Trump Claims Extended Vote Counting in Pennsylvania Could Spark Violence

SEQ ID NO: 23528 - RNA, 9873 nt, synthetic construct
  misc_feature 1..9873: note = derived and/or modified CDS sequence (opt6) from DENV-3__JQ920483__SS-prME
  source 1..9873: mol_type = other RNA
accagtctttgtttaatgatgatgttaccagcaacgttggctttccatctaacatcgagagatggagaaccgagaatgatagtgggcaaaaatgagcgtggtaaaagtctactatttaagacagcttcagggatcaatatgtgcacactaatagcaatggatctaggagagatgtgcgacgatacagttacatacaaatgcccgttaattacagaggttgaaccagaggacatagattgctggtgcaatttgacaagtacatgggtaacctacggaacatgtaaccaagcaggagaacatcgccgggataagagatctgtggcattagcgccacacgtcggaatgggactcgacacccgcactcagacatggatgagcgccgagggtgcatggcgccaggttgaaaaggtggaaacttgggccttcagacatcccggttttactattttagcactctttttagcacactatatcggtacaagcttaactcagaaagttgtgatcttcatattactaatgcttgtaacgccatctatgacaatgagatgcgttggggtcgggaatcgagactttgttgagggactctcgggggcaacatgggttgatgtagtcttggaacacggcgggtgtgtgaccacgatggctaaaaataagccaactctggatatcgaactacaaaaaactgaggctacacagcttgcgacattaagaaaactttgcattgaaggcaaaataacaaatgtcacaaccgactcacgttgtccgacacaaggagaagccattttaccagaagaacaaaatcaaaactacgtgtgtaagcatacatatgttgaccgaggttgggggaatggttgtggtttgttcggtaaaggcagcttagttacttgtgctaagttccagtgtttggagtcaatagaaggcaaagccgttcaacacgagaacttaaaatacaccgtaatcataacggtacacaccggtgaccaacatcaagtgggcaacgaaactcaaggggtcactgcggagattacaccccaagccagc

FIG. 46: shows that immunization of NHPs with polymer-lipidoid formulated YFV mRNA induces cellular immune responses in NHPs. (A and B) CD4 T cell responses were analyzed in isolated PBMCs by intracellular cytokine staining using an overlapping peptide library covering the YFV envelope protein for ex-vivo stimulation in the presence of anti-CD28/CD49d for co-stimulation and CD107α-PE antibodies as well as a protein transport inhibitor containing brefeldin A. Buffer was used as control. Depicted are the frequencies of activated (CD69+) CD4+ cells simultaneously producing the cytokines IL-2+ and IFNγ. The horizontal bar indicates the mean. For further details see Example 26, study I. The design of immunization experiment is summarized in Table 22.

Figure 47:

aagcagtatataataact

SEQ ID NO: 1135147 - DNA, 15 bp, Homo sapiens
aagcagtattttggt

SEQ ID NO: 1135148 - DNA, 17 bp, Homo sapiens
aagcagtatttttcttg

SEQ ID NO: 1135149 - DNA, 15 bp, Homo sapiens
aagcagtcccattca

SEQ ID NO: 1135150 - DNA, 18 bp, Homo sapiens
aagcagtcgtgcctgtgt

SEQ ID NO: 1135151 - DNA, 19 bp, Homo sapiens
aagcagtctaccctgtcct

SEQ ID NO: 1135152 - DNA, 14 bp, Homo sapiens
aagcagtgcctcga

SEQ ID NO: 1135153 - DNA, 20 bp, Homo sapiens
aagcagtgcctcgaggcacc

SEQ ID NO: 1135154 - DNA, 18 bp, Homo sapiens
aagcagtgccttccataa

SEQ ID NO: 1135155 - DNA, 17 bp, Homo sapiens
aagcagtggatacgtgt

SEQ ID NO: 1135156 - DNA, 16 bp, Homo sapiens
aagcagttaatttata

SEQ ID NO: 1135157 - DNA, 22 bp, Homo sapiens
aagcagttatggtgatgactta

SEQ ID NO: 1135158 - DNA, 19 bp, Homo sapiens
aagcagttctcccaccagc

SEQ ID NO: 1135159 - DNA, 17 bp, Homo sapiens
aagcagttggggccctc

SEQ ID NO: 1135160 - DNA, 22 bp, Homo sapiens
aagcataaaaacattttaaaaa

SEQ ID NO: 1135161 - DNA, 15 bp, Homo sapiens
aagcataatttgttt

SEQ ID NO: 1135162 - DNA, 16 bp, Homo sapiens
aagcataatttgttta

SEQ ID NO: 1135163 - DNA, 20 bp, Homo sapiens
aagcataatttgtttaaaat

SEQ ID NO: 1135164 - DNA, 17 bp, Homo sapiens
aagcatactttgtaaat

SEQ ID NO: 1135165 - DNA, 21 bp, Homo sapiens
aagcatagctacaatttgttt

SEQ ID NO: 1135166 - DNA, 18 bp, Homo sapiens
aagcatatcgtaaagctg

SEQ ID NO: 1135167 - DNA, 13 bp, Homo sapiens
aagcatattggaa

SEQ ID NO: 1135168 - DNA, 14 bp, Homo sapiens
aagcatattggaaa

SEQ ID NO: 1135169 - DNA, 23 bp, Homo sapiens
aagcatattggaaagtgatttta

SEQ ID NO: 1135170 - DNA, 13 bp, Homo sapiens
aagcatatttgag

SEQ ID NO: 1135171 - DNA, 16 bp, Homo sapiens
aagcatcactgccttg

In his final day of campaigning, U.S. President Donald Trump warned of post-election violence due to a Supreme Court decision to allow extended ballot counting in what may be the pivotal state of Pennsylvania.  Polls show former Vice President Joe Biden with a slight lead in the state where mail-in ballots, expected to favor the Democrats, might not be tabulated for days following Tuesday’s election.   In between his Monday rallies in Traverse City, Michigan, and Kenosha, Wisconsin, Trump tweeted that extended counting of such ballots in Pennsylvania “will allow rampant and unchecked cheating and will undermine our entire systems of laws. It will also induce violence in the streets. Something must be done!”  The Supreme Court decision on voting in Pennsylvania is a VERY dangerous one. It will allow rampant and unchecked cheating and will undermine our entire systems of laws. It will also induce violence in the streets. Something must be done!— Donald J. Trump (@realDonaldTrump) Former President Barack Obama speaks at a rally as he campaigns for Democratic presidential candidate former Vice President Joe Biden, Nov. 2, 2020, in Miami.Biden said of Trump at a midday drive-in rally in Cleveland, Ohio. “The character of America is literally on the ballot.”   Discussion of issues during the campaign has been largely overshadowed by the two candidate’s personal attacks on each other and the coronavirus pandemic.  The president, earlier on Monday in North Carolina, emphasized an economic recovery amid the pandemic, promising “we will mass distribute the vaccine within a few short weeks.”       Health officials, including those in Trump’s administration, predict most Americans are unlikely to be inoculated against COVID-19 before early or mid-2021.    Trump, at the first of Monday’s five rallies in four states, said his challenger, if elected, “will turn America into a prison state” through lockdowns to combat the virus.    Biden said in Cleveland that “the first step to beating the virus is beating Donald Trump.”Democratic presidential candidate former Vice President Joe Biden waves after speaking at a rally at Cleveland Burke Lakefront Airport, Nov. 2, 2020, in Cleveland.Obama characterized the president as a COVID-19 “super-spreader” for holding packed campaign rallies and White House events.      The pandemic has overshadowed other issues in the presidential campaign with COVID-19 cases spiking in recent weeks in many of the U.S. states expected to decide the presidential election.       The coronavirus has killed more than 231,000 people and infected nearly 9.3 million in the United States, the most of any country in the world, according to Johns Hopkins University.    National polls show the former vice president with about an eight-point lead, but the race is significantly tighter in the swing states that will decide the victor.        The common stop on the Monday itineraries of both Biden and Trump was Pennsylvania, the eastern U.S. state that Trump won in 2016.  The winner of Pennsylvania earns 20 of the 270 electoral votes a candidate needs to earn a four-year term in the White House.        Trump on Monday held a rally at the Wilkes-Barre Scranton International Airport, while Biden addressed supporters at three socially distanced drive-in events in the state.  Biden campaign events in Pennsylvania also featured remarks and performances by entertainers Lady Gaga, Patti LaBelle, John Legend and Common.   “We all know that this could come down to Pennsylvania. … Vote like your life depends on it. Vote like your children’s lives depend on it, because they do,” Lady Gaga said in Pittsburgh before taking a seat at the piano and singing several songs interspersed with appeals for Pennsylvanians to vote for Biden.   Trump is ending his campaigning with a late evening rally in Grand Rapids, Michigan, a replay of his 2016 finale in a state Hillary Clinton was expected to win.    Results from Election Day will not be official until weeks later. The deadlines vary by state, with a few reporting within a week but many not requiring final results to be reported until late November or early December.          Most years, the winner is clear before the official results with media organizations making projections based on tabulations from individual voting precincts.       This year a record number of people have cast early ballots — nearly 99 million— and with many of those coming by way of mail-in ballots due to concerns about the coronavirus, the counting in some states could be slower than usual.